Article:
Word Transformation Practice

This lesson describes various types of word transformations that are used in advanced English assessments. There are interactive gap-fill exercises to practise each of the transformation types. This lesson is part of our Advanced English Course. You can enrol on this course for free here.

In English word transformation exercises, particularly those used in CAE style exams, several common patterns or groups of changes are typically used. These transformations often involve altering the base form of a word into another form, such as from a noun to an adjective, verb to noun, etc. Here are some common patterns:

Suffix Addition

  • Adjective to Noun: Adding suffixes like -ness, -ity, or -ism.
    • Example: happy -> happiness
  • Verb to Noun: Adding suffixes like -tion, -ment, -ance, -ence.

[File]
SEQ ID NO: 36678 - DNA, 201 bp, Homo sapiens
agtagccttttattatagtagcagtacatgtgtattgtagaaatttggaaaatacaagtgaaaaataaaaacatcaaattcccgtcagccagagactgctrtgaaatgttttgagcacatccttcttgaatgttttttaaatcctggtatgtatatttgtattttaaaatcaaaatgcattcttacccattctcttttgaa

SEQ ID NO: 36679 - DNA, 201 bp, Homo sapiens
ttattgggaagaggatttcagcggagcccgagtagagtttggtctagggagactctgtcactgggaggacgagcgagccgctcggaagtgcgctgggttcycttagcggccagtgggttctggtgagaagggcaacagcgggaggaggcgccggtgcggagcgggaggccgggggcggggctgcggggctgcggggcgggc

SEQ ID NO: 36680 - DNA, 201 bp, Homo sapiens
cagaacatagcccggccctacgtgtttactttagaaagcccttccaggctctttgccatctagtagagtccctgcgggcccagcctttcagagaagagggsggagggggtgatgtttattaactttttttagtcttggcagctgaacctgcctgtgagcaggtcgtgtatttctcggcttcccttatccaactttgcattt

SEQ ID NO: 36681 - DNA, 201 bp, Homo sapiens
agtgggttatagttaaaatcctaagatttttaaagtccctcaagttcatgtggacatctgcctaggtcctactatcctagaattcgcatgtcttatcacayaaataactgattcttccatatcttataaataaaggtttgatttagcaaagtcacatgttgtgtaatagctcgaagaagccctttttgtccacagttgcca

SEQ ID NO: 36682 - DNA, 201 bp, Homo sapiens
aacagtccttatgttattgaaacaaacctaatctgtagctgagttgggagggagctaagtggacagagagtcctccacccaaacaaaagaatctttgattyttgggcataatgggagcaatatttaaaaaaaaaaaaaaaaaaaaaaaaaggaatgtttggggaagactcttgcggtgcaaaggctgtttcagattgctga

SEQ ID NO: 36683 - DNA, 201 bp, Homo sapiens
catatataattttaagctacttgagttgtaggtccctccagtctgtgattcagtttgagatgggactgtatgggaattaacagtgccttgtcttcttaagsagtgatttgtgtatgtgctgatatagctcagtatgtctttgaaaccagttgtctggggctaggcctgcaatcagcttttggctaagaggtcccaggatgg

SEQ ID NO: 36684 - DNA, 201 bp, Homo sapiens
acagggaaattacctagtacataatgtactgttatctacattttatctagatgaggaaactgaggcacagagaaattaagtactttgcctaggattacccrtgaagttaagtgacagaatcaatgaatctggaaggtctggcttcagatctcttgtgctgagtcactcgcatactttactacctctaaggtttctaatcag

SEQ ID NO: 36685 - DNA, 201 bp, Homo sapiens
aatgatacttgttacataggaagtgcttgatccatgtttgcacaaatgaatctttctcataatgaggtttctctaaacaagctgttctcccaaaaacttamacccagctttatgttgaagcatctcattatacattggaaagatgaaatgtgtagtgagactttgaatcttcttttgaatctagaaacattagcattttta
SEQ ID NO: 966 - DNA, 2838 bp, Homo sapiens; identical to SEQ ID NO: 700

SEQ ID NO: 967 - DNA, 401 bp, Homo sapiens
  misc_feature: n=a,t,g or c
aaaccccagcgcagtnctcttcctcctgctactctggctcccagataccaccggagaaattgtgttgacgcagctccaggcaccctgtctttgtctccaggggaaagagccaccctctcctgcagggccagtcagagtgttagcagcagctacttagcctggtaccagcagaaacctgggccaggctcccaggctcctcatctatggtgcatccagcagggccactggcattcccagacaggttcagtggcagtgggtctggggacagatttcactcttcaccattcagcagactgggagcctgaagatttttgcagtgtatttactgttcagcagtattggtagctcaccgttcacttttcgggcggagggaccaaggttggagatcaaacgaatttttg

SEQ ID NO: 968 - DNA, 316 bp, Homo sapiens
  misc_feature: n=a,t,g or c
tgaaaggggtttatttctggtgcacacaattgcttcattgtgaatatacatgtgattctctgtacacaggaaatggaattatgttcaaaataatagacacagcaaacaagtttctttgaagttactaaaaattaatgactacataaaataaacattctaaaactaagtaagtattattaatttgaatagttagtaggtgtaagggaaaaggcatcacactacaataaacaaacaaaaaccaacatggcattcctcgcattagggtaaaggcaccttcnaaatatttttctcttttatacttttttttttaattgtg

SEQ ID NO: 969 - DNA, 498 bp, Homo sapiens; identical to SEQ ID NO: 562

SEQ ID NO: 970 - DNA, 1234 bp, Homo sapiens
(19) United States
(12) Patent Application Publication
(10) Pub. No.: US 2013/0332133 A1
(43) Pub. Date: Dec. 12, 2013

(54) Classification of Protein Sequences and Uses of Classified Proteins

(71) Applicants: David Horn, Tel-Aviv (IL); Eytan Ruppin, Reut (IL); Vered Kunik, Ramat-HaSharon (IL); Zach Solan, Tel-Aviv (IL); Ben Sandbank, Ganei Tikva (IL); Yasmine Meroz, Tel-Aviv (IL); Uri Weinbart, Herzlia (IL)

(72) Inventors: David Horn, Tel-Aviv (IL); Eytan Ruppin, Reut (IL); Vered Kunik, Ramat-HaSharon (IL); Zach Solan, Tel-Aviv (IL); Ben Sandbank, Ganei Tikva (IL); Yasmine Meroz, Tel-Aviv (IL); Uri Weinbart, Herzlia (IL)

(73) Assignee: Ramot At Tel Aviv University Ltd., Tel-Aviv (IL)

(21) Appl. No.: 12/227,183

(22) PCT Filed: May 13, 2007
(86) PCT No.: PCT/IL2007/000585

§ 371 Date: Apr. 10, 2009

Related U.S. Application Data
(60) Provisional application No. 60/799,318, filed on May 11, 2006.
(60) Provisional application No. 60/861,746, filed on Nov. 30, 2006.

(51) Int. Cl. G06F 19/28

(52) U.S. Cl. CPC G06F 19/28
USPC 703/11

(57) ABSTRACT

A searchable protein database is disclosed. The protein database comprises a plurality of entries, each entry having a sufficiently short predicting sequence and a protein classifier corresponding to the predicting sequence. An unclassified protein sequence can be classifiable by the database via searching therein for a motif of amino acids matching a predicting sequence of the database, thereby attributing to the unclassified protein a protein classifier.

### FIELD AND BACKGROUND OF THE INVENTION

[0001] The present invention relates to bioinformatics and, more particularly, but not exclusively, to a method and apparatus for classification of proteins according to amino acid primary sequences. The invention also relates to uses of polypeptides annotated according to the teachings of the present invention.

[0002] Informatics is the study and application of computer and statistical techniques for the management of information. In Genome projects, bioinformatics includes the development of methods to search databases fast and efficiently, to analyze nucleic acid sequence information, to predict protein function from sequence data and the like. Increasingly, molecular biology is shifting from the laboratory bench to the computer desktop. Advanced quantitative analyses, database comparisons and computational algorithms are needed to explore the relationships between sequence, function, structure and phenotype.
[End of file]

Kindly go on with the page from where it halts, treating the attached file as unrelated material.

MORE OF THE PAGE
• Example: develop -> development
  • Adjective to Adverb: Adding -ly.
    • Example: quick -> quickly

Prefix Addition

  • Adding prefixes to alter the meaning.
    • Example: happy -> unhappy
    • Example: possible -> impossible

Suffix Replacement

  • Replacing one suffix with another.
    • Example: use -> useful -> useless

Internal Changes

  • Vowel Changes: Altering the internal vowels.
    • Example: strong -> strength
  • Consonant Changes: Changing or doubling consonants.
    • Example: advise -> advice

Compound Words

  • Combining words to form a single word or hyphenated word.
    • Example: hand + made -> handmade
    • Example: brother + in + law -> brother-in-law

Conversion (Zero Derivation)

  • Changing the word class without altering the form.
    • Example: to access (verb) -> access (noun)

Irregular Forms

  • Words that change form irregularly.
    • Example: child -> children
    • Example: go -> went

You can use the following exercises to practise these different types of word transformations. Fill the gaps with the form of the words in brackets that best fit the sentences. Each exercise focuses on a different type of transformation.